mpc cube logo no-shadow large font


Newsletter, January, 2013


MIT Materials News that Matters

January 2013

MIT DomeIt's hard to believe that the first month of 2013 is almost over. Time seems to fly by so quickly, especially at MIT where technological and medical advances are propelling us into the future. This month's newsletter focus is on thermoelectric devices and the research associated with the Solid State Solar Thermoelectrical Conversion Center (S3TEC).


Materials Processing Center at MIT

Faculty Highlight: Professor Gang Chen
Breaking Barriers in Solar Thermoelectric Devices
Professor Gang Chen
As director of the Solid-State Solar-Thermal Energy Conversion Center (S3TEC Center), and its principal investigator, MIT Professor Gang Chen is creating a new understanding of heat transfer at the nanoscale and pioneering new solar thermoelectric devices.

Recent breakthroughs include optical measurement of phonon travel distance; coherent heat conduction in superlattices; invisible dopants and cloaked nanoparticles for thermoelectric devices and a high performance flat panel solar thermoelectric generator.
Read more

Directional solvents

Taking the salt out water with oil


MIT post-doctoral associate Anurag Bajpayee's innovative process, referred to as directional solvent extraction, uses oil to purify water.

It won praise from Scientific American in December 2012 as one of its 10 World Changing Ideas and  Forbes India  recognized it as one of five game-changing ideas from academia in January 2013. Read more

Earth-abundant Thermoelectrics

UCLA Prof. Vidvuds Ozolins presents research

UCLA Materials Science Professor  Vidvuds Ozolins
Thermoelectrics comprised of earth-abundant elements will pave the way to many new, low cost thermoelectric energy generation opportunities. UCLA Materials Science Professor Vidvuds Ozolins presents "Computational Design and
Discovery of Earth-Abundant Thermoelectrics," on Thursday, Feb. 14, 2013 at MIT. View poster.

Tuller wins international honor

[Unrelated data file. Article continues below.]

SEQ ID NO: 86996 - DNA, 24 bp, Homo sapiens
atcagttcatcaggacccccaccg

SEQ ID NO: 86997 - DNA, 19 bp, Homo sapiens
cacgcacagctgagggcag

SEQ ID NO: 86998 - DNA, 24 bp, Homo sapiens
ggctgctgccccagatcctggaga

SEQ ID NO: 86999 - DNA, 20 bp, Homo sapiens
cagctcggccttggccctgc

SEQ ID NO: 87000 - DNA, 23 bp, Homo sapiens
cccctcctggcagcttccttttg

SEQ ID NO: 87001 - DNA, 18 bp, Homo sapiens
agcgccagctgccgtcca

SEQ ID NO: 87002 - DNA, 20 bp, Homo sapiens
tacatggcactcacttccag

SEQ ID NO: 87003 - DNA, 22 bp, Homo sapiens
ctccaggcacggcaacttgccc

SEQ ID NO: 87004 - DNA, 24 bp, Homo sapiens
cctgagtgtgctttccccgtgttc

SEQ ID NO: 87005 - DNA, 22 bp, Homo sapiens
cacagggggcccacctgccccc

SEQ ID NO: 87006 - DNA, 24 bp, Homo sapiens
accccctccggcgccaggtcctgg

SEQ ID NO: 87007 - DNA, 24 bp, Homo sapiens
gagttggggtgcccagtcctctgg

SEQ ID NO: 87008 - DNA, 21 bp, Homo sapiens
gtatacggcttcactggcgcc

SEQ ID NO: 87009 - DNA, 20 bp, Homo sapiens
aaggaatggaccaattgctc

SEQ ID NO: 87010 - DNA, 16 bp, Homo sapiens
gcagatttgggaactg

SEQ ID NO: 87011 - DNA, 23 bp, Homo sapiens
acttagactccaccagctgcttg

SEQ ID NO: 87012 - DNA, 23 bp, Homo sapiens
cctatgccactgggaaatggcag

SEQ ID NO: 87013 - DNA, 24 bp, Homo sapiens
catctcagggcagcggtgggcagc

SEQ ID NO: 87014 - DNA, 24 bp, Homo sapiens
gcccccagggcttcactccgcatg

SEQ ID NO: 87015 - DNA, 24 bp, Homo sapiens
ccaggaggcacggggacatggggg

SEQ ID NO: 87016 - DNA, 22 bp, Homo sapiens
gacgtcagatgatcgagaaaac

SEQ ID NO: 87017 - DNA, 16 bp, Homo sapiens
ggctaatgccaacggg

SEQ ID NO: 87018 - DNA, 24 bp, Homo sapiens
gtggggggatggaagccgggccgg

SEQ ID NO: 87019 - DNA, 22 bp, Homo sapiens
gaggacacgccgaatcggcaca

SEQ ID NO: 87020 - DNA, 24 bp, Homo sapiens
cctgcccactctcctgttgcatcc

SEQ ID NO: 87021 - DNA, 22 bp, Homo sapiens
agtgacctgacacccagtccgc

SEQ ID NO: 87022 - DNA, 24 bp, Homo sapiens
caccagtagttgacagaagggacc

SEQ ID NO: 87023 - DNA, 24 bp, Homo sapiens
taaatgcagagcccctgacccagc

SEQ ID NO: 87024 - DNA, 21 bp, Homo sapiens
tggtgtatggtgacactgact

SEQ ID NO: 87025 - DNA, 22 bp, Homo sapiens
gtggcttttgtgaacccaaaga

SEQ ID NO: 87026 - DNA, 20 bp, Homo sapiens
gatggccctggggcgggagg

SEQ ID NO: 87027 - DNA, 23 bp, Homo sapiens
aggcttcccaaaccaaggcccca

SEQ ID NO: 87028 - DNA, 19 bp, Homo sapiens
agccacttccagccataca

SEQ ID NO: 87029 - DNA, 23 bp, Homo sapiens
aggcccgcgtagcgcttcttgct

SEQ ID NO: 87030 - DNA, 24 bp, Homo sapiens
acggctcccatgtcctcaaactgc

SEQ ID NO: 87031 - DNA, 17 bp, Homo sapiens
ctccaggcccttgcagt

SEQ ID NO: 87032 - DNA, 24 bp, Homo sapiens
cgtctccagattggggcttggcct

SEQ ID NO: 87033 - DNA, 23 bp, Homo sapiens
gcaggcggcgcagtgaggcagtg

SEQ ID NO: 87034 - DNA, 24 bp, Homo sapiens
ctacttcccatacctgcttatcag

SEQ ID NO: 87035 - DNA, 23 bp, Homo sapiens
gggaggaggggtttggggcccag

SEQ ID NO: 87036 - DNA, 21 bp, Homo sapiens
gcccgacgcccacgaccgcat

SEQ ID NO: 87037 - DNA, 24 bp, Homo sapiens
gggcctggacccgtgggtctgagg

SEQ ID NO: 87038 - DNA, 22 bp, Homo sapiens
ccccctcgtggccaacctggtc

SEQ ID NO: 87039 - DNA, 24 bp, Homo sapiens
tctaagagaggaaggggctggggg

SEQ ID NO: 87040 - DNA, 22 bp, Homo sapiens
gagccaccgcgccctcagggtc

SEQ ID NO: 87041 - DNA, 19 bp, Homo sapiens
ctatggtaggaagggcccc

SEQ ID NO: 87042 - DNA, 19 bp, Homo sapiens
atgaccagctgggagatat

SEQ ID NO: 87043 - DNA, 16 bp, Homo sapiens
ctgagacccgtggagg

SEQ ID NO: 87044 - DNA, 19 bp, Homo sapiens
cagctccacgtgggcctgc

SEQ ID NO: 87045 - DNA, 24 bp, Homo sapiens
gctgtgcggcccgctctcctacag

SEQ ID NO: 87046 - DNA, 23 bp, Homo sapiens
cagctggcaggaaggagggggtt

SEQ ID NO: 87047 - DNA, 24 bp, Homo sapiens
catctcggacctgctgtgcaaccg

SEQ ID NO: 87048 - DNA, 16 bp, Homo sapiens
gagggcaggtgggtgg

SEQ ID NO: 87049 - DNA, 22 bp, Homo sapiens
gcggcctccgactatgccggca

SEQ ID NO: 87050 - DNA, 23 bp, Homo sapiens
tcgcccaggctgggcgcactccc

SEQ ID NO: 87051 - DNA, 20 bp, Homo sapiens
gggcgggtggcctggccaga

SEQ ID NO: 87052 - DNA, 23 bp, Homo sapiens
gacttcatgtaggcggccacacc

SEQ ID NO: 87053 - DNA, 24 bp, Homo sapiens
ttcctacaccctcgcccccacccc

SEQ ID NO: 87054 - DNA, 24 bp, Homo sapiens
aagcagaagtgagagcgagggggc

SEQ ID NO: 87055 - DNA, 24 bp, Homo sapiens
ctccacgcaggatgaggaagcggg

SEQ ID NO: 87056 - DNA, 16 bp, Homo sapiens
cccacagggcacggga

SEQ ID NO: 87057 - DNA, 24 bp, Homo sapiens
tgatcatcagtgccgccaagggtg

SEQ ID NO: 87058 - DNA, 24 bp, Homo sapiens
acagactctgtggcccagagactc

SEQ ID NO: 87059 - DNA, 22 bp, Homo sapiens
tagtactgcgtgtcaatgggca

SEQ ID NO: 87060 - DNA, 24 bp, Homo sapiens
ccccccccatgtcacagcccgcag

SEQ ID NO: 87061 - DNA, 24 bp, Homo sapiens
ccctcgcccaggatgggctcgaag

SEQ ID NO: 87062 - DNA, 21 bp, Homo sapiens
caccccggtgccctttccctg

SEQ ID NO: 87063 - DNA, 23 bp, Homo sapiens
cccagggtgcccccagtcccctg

Ceramics professor invited to Germany

MIT Professor Harry L. Tuller
Harry L. Tuller, Professor of Ceramics and Electronic Materials in the MIT Department of Materials Science and Engineering and Director of the Crystal Physics and Electroceramics Laboratory, is invited to spend time at Helmholtz Center for Materials and Energy in Berlin as a Helmholtz International Fellow. Read more


Join the MPC Collegium

QR code
  • Facilitation of on-campus meetings
  • Access to Collegium member only briefing materials
  • Representation on the MPC External Advisory Board
  • Customized research opportunity briefs
  • Facilitation of customized student internships
  • Medium and long-term on-campus corporate staff visits
For more information contact Mark Beals at 617-253-2129 or This email address is being protected from spambots. You need JavaScript enabled to view it.


In This Issue
Breaking solar barriers
Extracting salt with oil
Earth-abundant Thermoelectrics
Tuller wins international honor
Welcome New Collegium Members

The faculty and staff of the MPC would like to welcome the Lockheed Martin Corporation and the POSCO Corporation to the Collegium.
Quick Links

Collegium and Advisory Board members have full access to videos of the Oct. 17, 2012, Materials Day presentations: "Materials for Energy Harvesting."

Summer Scholars Applications
Deadline:  Feb. 13, 2013.
Do you know any science and engineering college students who are entering their junior or senior year? We encourage them to apply to the Summer Scholars Program at MIT.
About Us
About MPC

The goals of the Materials Processing Center are to unite the materials research community at MIT and to enhance Institute-industry interactions. Collaboration on research ventures, technology transfer, continuing education of industry personnel, and communication among industrial and governmental entities are our priorities. The MPC Industry Collegium is a major vehicle for this collaboration. The MPC sponsors seminars and workshops, as well as a summer internship for talented undergraduates from universities across the U.S. We encourage interdisciplinary research collaborations and provide funds management assistance to faculty.


MIT, Materials Processing Center
77 Massachuttes Avenue
Cambridge, Massachusetts 02139
MIT, Materials Processing Center
MIT logo
Massachusetts Institute of Technology
          Forgot login? | Register